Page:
October 2, 2007
TYRONE P. HODGES, APPELLANT,
DEPARTMENT OF CORRECTIONS, RESPONDENT.
On appeal from a Final Decision of the New Jersey Department of Corrections.
NOT FOR PUBLICATION WITHOUT THE APPROVAL OF THE APPELLATE DIVISION
Submitted March 14, 2007
Remanded June 19, 2007
Resubmitted September 24, 2007
Before Judges Stern and Sabatino.
On June 19, 2007, we remanded this matter to the Department of Corrections (DOC) "to establish a record and for further findings and conclusions to support its final administrative determination in this case." The DOC had upheld a reduction in a commissary sales order appellant placed because he had insufficient funds in his prison fund account due to deductions the DOC made for medical and pharmacy expenses which had also been charged to the account. Appellant challenged the authority of the DOC to charge his account for the medical expenses and reduce the account below $15.00 which he claims entitlement to use for other purposes.
In responding to the remand, the DOC advises:
[T]he DOC has discontinued its policy of deducting monies for medical and pharmacy co-payments from the $15.00 monthly allotment. In order to effectuate its revised policy consistent with the Hodges decision, the DOC will change the manner in which inmates' State pay and inmates' obligations are posted on their inmate trust account. Previously, an inmate's State pay, which included the $15 monthly allotment, was posted first, and then all of the inmate's obligations were posted thereafter, including the noted co-payments. In Tyrone Hodges case, this resulted in several instances in which medical/pharmacy co-pays were deducted from the $15 allotment. Under the revised policy, medical/pharmacy co-pays will be posted first on the inmate's trust account, before State pay and other obligations [are] posted. Then, if an inmate only has $15 remaining after deductions are made for the other obligations, that amount will not be used for medical/pharmacy co-payments. Instead, the inmate will receive loans to pay for the medical/pharmacy co-pays.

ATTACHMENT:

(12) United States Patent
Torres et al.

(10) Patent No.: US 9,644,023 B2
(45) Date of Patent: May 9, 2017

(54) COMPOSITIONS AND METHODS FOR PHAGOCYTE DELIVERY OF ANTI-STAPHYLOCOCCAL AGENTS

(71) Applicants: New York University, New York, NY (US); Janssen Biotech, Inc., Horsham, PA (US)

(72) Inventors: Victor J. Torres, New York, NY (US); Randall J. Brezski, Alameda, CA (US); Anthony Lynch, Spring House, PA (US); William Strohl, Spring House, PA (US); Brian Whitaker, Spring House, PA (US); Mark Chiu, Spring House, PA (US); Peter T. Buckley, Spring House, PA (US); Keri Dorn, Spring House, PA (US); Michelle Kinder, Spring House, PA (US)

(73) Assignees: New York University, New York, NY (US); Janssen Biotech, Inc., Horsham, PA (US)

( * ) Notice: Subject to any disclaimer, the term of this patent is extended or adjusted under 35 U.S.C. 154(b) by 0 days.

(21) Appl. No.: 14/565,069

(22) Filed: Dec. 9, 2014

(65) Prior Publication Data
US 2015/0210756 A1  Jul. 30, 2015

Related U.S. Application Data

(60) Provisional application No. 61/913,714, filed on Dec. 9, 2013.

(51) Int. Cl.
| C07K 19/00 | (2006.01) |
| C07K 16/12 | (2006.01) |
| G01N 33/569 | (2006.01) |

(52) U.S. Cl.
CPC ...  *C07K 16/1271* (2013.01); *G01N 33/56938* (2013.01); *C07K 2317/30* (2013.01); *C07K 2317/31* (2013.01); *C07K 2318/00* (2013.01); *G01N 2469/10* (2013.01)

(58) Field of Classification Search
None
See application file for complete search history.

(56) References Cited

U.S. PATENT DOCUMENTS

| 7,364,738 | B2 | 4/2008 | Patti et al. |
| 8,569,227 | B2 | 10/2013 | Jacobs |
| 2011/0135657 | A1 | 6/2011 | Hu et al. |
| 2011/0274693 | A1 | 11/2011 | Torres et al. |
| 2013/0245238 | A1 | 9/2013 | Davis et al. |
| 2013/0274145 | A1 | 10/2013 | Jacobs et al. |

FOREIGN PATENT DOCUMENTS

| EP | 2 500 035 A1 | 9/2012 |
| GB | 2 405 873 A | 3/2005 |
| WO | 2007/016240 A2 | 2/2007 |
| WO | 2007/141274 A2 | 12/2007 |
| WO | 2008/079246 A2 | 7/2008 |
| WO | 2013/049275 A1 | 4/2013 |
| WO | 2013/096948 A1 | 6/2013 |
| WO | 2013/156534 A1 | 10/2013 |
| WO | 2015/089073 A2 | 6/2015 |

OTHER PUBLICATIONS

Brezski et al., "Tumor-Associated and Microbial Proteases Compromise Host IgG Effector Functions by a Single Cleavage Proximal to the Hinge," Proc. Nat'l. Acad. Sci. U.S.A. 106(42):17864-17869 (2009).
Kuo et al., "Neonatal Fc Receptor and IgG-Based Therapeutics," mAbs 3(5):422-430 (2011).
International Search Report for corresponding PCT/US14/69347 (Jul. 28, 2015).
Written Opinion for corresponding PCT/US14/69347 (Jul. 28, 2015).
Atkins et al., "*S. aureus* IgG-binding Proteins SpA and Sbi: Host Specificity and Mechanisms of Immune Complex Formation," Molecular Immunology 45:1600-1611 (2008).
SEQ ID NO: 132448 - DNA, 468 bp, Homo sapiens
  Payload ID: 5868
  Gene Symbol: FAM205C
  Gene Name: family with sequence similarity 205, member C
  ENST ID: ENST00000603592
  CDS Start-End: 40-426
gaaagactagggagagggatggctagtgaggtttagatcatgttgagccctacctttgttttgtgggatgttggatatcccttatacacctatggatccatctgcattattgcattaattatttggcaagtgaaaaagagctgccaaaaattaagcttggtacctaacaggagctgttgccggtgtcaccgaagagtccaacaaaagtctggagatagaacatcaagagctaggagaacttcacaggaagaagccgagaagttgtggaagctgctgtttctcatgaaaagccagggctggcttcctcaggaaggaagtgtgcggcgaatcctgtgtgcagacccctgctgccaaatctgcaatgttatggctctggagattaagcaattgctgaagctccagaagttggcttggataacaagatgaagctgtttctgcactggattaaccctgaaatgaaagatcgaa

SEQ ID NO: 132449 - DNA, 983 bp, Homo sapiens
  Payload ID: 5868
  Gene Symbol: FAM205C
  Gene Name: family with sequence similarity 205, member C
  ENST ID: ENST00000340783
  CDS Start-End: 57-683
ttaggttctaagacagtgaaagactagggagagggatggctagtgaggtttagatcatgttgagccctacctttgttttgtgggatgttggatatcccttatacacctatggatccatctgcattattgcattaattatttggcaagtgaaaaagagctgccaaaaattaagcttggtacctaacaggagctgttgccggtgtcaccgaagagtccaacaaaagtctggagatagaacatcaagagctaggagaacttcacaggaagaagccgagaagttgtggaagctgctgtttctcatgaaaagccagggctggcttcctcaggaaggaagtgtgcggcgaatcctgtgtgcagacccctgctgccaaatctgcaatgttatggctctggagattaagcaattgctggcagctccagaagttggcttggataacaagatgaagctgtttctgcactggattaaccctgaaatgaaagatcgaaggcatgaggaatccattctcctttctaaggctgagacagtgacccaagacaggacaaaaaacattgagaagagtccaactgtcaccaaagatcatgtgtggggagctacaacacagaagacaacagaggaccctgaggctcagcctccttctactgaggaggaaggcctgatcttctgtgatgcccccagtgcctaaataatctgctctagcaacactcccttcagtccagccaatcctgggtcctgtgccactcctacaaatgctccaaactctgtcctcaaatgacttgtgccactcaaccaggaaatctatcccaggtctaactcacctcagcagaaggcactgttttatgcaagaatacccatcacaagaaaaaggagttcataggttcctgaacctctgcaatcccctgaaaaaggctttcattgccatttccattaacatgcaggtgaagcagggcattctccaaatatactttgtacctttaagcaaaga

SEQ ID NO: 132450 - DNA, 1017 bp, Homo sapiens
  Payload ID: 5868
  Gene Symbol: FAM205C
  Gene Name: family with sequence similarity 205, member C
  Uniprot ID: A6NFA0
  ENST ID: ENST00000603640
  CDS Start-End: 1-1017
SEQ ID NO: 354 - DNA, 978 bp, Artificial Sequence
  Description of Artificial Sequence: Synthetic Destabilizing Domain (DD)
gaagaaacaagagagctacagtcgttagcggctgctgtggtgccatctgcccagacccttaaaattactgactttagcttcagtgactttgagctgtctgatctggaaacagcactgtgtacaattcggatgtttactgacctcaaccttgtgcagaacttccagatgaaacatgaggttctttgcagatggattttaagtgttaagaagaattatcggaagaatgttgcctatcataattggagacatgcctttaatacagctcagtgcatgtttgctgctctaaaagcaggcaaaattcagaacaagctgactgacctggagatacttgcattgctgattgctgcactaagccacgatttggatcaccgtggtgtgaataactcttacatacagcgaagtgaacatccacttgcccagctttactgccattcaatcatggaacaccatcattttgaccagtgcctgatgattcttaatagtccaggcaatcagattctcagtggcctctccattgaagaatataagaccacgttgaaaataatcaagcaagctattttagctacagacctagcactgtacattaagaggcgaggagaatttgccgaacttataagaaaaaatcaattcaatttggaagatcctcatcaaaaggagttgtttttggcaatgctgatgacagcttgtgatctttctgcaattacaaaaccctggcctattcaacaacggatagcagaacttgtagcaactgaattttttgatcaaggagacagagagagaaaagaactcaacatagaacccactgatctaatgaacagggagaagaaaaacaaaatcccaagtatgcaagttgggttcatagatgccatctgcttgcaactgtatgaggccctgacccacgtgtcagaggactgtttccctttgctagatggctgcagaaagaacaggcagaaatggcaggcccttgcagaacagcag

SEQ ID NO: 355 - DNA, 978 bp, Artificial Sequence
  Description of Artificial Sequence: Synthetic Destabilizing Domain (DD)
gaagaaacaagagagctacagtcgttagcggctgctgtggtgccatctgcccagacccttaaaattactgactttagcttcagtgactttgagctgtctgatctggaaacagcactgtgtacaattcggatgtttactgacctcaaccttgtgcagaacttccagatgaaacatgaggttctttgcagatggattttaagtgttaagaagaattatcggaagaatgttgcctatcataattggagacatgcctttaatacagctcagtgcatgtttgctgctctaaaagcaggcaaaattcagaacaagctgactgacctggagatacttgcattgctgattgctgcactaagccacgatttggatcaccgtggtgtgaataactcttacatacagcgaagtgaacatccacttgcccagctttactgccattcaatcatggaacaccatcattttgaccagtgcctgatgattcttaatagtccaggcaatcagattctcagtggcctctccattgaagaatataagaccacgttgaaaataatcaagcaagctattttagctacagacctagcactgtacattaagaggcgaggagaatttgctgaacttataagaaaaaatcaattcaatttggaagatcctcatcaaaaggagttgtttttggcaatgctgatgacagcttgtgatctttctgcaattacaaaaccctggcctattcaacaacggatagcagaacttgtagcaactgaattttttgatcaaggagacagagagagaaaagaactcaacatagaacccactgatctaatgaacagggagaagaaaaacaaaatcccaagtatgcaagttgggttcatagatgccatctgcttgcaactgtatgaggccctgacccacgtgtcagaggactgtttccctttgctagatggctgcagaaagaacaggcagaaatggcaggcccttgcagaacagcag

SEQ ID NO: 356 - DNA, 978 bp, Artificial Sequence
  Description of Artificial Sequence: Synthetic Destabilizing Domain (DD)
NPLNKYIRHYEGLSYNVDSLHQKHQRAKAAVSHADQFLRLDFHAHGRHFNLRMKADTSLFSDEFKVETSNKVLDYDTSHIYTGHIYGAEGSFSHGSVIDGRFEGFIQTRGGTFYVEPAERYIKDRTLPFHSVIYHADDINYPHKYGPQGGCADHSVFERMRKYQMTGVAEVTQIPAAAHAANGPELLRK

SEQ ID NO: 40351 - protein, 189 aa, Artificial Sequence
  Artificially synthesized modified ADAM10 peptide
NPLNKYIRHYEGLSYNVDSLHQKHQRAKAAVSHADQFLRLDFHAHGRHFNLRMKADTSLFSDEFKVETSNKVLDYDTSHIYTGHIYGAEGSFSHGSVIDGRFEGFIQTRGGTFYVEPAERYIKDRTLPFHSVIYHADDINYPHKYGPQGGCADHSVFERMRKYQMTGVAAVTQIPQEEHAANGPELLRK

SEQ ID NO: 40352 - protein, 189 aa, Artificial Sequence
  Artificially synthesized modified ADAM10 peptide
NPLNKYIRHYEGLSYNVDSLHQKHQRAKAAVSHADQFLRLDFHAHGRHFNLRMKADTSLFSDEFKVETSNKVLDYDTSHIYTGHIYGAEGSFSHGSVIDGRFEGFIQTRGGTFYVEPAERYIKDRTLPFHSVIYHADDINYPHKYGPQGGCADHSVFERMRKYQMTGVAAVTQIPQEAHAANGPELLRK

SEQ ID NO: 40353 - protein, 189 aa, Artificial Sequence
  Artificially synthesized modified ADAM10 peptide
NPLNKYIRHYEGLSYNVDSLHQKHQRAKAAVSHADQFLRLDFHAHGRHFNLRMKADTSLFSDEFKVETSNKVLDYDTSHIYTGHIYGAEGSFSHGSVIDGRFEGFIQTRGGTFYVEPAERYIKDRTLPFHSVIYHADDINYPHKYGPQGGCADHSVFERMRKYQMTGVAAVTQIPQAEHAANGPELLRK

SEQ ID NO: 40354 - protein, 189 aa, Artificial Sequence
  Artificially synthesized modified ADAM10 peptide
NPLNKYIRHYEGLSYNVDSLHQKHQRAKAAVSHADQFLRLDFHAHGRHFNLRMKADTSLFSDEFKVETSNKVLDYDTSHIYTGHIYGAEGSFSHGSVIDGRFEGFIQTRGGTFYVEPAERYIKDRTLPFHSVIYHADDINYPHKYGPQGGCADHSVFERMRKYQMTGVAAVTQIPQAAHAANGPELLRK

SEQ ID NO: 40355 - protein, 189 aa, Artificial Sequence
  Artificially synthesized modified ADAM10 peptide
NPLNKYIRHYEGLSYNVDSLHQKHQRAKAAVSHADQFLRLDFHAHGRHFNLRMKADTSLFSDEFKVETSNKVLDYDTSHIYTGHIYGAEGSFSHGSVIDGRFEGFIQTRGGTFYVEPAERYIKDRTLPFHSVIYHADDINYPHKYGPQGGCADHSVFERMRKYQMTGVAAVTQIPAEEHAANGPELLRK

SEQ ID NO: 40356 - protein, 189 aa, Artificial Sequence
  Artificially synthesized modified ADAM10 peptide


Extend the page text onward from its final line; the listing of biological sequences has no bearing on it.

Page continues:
We are further advised that appellant was released shortly after the remand order was entered, and
[T]he DOC has determined that during his incarceration, there were eight instances in which the DOC deducted monies for medical and pharmacy co-payments from Hodges $15.00 monthly allotment. However, the DOC does not owe Hodges any money because if the co-pays had not been deducted from the $15.00, Hodges would have received loans to make these co-payments, which he would have had to re-pay as long as he was in custody. Pursuant to DOC policy, however, any loans that were made to Hodges while he was in custody have been forgiven since he has now been released. In addition, DOC records indicate that at the time of his release, Hodges still owed approximately $900.00 towards his court-imposed fines and penalties, which also would have cancelled out any monies owed to Hodges.
Appellant has not responded to the Department's letter containing the above information. Therefore, he neither challenges the report nor asserts any continuing interest in the litigation. Accordingly, we deem the appeal moot, and dismiss it without prejudice to any further appeal in which the same fundamental issues are raised.
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